Frequently Asked Questions

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We use only publicly available information. This includes company filings, press releases, news articles and any other material that is available to all shareholders. We do this to ensure our analysis is fair and objective and to help encourage companies to release all necessary information to their shareholders.
We would be happy to have a conference call/meeting with you to discuss general corporate governance issues. Please visit our Engagement Policy page to submit a request detailing your availability, topics of interest and date of your last shareholder meeting.
Please visit our Purchase a Proxy Paper page to submit a request for a copy of your company’s Proxy Paper research report.

Questions related to our Proxy Paper research reports.

We receive the company information in our reports from a third party data provider – Capital IQ. If the information we provide is not up to date, we encourage you to contact them directly.

The percentages are annualized shareholder returns based on the “Closing Price” date that appears on page 3 of the Glass Lewis report in the Competitors/Peer Comparison. All of the market-based data on pages 2 and 3 of our reports (stock chart, total return table, market cap, enterprise value, closing price, stock performance) are as of that date that corresponds to our most recent data download from our third-party provider, Capital IQ, prior to publishing the report.

For reports on companies that include our pay-for-performance analysis, we generally display a subset of companies from the pay-for-performance sub-industry peer group. For reports on companies that do not include our pay-for-performance analysis, the companies shown on page 3 are selected based on GICS, market cap and revenue.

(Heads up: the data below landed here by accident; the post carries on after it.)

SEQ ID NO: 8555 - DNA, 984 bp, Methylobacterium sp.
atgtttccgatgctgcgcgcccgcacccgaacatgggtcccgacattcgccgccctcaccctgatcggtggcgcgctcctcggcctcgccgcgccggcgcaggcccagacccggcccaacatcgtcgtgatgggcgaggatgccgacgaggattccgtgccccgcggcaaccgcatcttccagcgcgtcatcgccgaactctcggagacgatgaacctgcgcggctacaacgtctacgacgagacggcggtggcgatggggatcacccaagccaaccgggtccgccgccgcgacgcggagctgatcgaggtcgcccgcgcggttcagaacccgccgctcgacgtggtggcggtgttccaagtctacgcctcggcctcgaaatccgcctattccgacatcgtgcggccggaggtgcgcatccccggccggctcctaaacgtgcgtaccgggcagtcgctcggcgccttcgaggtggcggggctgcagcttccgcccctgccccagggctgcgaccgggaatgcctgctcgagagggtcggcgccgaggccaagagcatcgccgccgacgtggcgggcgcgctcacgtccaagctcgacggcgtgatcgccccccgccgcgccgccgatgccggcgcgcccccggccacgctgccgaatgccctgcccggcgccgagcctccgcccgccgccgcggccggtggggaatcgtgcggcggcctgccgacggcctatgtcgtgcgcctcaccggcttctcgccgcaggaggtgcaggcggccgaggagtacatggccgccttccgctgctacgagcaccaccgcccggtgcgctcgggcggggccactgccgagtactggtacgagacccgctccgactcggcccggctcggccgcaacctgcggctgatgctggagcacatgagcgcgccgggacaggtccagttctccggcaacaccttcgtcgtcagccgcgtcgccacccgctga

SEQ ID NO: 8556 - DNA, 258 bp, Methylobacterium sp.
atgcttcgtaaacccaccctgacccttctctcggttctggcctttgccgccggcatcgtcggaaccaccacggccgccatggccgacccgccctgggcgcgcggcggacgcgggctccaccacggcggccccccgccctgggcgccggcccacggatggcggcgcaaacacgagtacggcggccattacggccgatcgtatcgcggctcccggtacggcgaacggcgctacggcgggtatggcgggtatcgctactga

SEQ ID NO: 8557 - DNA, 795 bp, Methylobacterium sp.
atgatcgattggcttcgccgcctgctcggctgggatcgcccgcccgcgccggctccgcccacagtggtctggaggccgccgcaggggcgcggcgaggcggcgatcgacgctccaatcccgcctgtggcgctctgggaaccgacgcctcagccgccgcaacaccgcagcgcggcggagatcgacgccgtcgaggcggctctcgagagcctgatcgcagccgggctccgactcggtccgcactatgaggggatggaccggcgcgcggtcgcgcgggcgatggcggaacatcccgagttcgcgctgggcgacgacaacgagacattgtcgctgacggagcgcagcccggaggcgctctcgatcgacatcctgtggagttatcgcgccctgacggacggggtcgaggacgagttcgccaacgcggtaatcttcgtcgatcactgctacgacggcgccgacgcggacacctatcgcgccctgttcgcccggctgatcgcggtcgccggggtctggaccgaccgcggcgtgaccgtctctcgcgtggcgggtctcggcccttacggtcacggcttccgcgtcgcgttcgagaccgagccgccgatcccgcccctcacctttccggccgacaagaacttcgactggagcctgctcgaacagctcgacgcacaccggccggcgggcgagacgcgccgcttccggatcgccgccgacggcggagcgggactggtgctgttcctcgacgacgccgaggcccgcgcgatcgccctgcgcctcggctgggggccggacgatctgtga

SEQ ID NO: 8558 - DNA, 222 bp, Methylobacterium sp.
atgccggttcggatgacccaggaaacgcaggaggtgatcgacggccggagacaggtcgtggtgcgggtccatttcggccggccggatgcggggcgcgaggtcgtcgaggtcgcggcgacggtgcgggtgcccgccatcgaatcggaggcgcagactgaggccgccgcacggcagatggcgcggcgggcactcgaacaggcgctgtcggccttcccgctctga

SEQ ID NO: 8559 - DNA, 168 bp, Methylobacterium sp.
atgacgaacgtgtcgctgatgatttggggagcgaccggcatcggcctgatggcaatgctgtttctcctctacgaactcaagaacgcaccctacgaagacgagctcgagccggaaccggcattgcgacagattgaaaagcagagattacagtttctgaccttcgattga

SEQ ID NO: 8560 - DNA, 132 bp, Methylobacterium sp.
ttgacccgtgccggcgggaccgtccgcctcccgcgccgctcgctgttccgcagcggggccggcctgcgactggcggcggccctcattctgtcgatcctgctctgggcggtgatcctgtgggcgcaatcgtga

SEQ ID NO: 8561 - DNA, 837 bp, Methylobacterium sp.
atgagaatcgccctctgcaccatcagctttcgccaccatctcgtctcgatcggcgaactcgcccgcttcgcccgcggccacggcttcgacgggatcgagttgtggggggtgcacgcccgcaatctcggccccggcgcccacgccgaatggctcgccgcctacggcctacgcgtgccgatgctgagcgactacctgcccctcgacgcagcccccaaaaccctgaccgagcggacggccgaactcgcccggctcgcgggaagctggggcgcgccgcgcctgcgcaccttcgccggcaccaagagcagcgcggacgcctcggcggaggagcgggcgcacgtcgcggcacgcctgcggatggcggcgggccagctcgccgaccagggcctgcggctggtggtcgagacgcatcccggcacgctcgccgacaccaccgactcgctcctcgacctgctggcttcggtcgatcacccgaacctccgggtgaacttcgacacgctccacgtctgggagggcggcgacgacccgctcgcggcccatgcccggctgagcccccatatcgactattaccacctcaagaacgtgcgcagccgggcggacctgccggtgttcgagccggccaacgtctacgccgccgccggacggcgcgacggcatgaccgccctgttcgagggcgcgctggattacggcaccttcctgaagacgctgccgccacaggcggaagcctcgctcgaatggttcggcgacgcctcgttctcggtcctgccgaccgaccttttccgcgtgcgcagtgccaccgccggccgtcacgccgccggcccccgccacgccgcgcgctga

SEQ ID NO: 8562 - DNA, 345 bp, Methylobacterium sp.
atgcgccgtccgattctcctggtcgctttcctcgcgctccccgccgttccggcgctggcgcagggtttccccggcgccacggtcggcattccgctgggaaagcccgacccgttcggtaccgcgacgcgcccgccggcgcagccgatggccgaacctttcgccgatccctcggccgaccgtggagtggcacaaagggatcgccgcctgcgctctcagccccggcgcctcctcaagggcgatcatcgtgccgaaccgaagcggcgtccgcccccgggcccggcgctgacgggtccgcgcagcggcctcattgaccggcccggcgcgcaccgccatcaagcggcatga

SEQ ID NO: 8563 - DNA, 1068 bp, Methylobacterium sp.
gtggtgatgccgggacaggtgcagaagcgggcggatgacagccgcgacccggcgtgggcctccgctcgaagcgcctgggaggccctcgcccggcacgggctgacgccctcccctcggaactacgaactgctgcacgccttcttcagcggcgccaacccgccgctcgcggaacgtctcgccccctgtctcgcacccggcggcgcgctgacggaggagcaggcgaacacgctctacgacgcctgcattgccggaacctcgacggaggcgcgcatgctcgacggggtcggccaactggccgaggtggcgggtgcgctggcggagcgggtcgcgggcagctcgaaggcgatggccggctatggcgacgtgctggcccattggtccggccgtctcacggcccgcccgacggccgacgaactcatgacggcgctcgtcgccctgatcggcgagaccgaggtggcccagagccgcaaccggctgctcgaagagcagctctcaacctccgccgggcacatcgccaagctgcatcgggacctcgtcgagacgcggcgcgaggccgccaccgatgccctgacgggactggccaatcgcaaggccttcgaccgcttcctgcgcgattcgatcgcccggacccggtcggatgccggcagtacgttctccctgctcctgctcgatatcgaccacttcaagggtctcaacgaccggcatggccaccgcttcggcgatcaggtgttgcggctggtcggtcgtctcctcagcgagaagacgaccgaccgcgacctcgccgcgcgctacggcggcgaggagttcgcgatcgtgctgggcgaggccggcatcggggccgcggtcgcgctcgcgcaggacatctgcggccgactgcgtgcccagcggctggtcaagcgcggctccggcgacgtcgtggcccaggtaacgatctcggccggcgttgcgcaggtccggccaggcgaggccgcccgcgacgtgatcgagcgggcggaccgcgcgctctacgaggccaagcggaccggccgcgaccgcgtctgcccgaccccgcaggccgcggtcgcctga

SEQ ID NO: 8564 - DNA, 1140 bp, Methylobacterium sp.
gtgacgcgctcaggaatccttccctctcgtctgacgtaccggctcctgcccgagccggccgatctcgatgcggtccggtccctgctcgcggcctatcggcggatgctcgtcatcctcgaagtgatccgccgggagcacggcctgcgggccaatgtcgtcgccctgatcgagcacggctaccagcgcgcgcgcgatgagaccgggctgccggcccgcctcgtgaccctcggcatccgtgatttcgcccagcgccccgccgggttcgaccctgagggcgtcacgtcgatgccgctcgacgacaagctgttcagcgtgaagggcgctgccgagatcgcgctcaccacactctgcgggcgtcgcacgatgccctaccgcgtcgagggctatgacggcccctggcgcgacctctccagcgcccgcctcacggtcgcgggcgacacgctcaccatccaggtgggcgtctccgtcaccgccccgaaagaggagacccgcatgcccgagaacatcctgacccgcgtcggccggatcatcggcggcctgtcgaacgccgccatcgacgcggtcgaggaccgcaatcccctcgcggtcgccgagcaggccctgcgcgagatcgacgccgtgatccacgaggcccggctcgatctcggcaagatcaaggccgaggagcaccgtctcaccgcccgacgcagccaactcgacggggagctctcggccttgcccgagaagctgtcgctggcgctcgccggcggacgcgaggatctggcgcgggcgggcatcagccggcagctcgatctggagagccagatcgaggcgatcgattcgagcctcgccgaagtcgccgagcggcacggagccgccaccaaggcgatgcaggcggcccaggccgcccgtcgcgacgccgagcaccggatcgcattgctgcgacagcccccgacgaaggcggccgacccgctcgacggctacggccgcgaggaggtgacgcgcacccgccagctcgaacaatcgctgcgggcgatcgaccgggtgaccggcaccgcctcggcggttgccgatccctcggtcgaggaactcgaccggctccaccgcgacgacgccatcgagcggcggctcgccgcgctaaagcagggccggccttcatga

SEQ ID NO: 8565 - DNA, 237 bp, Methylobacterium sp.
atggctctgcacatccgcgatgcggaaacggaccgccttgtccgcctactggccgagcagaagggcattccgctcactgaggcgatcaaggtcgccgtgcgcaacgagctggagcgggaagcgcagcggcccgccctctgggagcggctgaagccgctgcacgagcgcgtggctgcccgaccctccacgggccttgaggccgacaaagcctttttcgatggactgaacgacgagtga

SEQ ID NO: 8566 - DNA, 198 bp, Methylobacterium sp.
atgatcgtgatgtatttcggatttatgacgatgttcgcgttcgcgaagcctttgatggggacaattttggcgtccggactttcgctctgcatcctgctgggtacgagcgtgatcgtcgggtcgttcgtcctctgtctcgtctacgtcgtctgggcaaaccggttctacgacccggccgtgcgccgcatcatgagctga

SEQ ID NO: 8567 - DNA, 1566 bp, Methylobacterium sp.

The data on page 3 is as of the “Closing Price” date listed on that page. The analysis of the equity plan proposal is as of the company’s fiscal year-end date.

We classify a director as affiliated when the director has a material financial, familial or other relationship with the company or its executives but is not an employee of the company. This includes directors whose employers have a material financial relationship with the company. In addition, we view a director who owns or controls 20 percent or more of the company’s voting stock as an affiliate.
We apply different financial thresholds for different types of related-party transactions. Where no amount is disclosed, we assume the transaction surpasses our applicable threshold. The strictest threshold is applied to situations in which a director (or a family member) is paid for a service he or she agreed to perform for the company, outside of his or her service as a director, including professional or other services. Our next threshold applies to situations where a director (or a family member) is employed by a professional services firm such as a law firm, investment bank or consulting firm and the company pays the firm, not the individual, for services. This threshold would also apply to charitable contributions to schools where a director (or a family member) is a professor, or charities where a director (or a family member) serves on the board or is an executive, and any aircraft or real estate dealings between the company and a director’s firm. Lastly, we apply our most lenient threshold to all other business relationships where a director (or a family member) is an executive officer of a company that provides products/services to or receives products/services from the company.
We apply a 5-year look-back period to former company employees and a 3-year look-back period to related-party transactions other than interlocking directorships and charitable contributions, for which we generally do not apply a look-back period.